I have to say this was very a special experience — living and eating like this. The whole wheat was amazingly satisfying, more so than even whole oats (oatmeal cereal) that I use more of now.
I also remember sprinkling instant milk powder into hot water and then letting this cool to a warm temperature, and sometimes I would treat myself with a bit of honey mixed in. This was my only dairy, this and a bit of grated cheese on the gruel. And about the meat, I don’t recall much about that for some strange reason (this was more that twenty years ago). But I don’t think meat was eaten all that much because we never were red meat eaters — more chicken and fish (usually canned tuna, and I do like high quality brand sardines on occasion).
After the weight came off (about sixty-five pounds), I kept it off for about three years. Then, alas, I ‘fell off the wagon’ bit by bit, and bingo, I went right back up again. I moved away from the rural setting and the urbanization did me in, I think.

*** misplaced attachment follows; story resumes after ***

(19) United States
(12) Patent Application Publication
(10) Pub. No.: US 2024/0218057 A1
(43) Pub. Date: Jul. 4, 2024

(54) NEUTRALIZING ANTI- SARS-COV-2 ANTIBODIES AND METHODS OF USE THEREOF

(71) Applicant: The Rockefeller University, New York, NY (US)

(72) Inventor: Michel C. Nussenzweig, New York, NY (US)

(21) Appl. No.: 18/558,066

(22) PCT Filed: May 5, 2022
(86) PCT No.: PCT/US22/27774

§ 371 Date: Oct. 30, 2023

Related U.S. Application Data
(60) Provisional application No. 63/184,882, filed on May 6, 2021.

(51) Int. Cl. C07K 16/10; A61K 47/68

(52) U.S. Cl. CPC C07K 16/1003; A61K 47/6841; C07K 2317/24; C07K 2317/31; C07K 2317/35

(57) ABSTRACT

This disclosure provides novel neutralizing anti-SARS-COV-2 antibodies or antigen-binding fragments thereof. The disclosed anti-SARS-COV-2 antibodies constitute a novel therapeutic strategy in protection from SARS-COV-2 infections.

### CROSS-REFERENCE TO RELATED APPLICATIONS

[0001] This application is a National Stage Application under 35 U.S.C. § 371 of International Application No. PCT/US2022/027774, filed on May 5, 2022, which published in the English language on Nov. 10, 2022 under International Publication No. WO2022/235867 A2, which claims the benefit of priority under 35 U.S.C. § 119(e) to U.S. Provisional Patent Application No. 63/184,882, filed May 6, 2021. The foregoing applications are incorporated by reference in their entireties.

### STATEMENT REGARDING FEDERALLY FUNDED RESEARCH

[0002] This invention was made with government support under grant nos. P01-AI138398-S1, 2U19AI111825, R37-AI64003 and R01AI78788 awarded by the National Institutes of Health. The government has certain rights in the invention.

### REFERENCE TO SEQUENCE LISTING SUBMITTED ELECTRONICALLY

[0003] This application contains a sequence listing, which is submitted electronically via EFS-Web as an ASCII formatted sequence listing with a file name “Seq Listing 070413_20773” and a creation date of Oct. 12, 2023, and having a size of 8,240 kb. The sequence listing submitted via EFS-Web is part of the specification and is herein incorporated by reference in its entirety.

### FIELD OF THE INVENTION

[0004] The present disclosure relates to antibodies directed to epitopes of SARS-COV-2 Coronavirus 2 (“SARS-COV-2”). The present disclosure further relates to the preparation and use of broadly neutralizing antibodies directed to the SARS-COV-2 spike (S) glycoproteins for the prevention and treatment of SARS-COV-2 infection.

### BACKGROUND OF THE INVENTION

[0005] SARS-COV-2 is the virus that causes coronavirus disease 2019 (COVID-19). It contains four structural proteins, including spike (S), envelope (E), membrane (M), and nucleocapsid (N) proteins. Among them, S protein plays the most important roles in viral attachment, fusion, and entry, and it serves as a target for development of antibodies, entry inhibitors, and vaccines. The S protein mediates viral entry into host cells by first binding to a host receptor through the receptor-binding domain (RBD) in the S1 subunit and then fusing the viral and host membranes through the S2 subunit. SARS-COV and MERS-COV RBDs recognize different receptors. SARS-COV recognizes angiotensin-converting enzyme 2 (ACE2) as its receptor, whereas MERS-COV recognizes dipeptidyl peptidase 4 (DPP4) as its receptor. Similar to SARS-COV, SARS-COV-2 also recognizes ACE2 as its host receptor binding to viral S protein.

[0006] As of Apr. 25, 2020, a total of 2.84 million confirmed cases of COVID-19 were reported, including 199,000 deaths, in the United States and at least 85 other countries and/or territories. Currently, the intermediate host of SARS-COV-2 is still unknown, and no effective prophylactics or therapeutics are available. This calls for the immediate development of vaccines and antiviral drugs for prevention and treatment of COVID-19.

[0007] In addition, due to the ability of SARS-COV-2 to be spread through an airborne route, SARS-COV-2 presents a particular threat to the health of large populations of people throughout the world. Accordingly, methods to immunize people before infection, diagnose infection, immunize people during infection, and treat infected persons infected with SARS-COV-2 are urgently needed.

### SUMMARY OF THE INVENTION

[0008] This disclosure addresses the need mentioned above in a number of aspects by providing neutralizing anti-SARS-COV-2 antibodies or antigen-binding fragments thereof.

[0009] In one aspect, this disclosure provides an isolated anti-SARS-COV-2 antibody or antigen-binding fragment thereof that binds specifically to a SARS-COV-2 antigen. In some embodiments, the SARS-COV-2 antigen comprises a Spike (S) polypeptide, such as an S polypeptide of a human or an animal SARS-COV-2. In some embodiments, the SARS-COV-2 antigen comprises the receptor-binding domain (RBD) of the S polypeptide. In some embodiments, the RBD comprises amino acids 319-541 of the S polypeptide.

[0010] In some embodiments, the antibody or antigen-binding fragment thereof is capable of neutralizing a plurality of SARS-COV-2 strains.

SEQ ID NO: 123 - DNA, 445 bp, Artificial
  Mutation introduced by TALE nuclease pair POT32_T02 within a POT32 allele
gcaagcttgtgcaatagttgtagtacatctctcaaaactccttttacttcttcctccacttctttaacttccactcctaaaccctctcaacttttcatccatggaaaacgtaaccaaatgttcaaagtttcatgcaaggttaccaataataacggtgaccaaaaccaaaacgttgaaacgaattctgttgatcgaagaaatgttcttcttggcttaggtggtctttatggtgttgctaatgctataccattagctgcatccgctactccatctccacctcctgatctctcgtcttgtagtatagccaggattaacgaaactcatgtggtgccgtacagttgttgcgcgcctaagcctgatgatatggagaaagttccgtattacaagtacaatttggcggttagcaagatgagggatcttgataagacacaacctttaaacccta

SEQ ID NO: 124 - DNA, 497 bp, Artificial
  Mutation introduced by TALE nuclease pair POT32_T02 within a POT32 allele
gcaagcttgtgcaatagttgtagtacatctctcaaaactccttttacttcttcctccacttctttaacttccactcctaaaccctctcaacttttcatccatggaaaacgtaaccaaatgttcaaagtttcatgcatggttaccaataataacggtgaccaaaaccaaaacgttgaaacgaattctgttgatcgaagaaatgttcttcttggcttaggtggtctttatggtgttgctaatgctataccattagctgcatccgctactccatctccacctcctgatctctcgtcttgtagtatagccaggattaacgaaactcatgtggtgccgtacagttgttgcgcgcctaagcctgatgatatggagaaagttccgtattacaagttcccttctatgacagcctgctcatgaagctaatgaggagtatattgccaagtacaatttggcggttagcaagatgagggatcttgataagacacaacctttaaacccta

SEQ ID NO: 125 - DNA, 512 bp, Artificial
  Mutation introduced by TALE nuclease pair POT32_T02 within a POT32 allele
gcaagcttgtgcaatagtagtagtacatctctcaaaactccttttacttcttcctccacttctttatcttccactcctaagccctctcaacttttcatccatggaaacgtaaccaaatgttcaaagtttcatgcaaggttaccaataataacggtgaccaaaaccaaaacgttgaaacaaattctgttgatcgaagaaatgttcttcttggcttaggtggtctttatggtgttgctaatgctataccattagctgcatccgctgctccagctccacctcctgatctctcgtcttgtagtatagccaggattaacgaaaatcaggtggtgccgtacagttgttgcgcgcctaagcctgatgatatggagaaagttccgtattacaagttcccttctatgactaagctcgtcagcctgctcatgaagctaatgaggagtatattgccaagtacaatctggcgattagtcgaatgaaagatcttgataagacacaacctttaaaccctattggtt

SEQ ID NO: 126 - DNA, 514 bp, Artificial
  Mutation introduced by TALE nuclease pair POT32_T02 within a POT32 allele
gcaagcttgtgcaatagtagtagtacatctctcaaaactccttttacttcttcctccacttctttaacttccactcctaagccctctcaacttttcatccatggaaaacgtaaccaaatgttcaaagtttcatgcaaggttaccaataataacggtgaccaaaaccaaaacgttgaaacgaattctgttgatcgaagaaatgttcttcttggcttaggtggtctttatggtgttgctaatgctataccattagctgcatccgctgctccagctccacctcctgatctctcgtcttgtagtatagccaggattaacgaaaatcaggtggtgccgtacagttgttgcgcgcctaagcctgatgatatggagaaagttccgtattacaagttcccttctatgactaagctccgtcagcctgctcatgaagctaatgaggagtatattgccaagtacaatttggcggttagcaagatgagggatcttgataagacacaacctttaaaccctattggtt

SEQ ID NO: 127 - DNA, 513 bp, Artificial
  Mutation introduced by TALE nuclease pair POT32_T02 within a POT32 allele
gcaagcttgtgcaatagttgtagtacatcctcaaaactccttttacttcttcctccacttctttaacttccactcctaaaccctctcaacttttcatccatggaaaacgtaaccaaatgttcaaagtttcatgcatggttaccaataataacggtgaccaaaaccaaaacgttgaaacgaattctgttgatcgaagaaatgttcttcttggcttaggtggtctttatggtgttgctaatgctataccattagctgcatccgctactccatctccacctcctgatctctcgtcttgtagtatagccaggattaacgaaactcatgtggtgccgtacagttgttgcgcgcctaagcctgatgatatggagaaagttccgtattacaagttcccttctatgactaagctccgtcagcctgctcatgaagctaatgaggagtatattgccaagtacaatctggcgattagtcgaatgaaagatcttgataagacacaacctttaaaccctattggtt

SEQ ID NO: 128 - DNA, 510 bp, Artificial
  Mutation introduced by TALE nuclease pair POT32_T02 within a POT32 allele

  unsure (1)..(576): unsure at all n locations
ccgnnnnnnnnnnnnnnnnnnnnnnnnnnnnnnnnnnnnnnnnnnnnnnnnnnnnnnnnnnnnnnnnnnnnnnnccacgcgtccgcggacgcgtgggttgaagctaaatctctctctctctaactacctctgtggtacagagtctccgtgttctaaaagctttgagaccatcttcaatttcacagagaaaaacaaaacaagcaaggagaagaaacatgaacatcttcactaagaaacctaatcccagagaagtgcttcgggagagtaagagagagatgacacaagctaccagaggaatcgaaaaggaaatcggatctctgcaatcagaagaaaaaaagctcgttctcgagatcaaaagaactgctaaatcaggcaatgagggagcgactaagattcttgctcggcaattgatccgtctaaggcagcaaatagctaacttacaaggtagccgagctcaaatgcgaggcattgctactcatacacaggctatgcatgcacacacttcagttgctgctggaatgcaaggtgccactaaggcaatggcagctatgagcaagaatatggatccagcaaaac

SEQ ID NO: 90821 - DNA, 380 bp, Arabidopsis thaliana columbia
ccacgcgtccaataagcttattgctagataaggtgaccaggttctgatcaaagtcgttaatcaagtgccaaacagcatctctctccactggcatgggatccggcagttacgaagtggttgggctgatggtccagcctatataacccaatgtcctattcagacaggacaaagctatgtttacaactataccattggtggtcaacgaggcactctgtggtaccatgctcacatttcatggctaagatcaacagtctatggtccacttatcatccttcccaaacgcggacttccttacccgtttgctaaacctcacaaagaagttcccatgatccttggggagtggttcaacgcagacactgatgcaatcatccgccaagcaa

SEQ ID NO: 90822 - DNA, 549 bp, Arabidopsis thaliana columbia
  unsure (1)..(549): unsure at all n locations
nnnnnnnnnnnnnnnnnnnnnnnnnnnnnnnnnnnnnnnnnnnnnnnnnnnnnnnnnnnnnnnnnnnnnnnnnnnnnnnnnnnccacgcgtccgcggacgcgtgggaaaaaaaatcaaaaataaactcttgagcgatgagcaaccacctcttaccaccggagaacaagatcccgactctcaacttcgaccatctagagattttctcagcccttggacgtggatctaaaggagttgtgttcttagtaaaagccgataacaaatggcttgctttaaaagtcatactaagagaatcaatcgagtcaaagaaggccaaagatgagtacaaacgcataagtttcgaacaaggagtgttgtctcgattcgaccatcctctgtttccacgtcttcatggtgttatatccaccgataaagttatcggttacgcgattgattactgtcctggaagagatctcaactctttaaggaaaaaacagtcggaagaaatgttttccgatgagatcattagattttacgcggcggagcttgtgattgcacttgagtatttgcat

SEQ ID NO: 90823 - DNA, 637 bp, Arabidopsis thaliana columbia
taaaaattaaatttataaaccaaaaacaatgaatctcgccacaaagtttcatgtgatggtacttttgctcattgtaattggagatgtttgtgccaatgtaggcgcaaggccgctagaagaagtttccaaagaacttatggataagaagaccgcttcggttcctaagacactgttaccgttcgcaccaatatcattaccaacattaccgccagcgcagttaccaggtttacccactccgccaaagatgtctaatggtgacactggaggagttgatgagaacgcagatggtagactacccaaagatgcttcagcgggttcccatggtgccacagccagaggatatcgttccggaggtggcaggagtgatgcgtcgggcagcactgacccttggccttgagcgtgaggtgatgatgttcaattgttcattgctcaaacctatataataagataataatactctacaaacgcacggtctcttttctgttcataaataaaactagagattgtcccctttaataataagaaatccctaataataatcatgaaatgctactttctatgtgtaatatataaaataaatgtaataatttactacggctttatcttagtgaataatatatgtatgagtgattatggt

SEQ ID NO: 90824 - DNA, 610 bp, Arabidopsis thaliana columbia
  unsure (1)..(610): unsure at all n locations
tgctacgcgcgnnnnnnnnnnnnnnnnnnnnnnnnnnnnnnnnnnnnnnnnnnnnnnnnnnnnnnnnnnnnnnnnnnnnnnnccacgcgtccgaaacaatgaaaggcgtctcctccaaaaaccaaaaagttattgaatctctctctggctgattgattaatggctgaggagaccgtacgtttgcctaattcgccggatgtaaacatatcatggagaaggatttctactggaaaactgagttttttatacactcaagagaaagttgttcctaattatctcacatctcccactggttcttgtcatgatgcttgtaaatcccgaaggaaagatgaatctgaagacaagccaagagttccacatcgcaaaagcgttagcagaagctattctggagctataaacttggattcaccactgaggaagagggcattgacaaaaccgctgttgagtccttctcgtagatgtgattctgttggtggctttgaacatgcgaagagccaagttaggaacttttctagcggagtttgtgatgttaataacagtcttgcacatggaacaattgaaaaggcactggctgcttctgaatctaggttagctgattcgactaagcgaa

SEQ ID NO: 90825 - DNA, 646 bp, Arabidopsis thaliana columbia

Anyway, I don’t know if the WofW is any more inspired than what was just good, common sense advice, or was perhaps ‘cherry picked’ from idiosyncratic postulations that were known about and promoted by some people or groups in the early 1800’s, but nevertheless, for me, it was a ‘God send’. It felt so liberating not to be under the deleterious influence of “conspiring men” who promoted their unhealthy processed and fast foods. And I must emphasize that I was always intrigued by that part of the WofW that says, “Nevertheless, wheat for man, and corn for the ox, and oats for the horse, and rye for the fowls and for swine, and for all beasts of the field, and barley for all useful animals, and for mild drinks, as also other grain.” The tobacco and alcohol, and even the tea and coffee, and sometimes the “eat meat sparingly” parts are usually all that are touted or looked at with regard to the WofW, by both its critics and adherents, but the “wheat for man” not as much, it seems, and it’s sort of ‘folksy’, isn’t it? Like something you would read in an old time ‘Farmer’s almanac’. But the words of God? Mmm…well, even though I am no longer a believer in Mormonism’s central claim of it being the ‘one and only true, living church’, I did do well (and still so, to some extent) by Mormonism’s Word of Wisdom.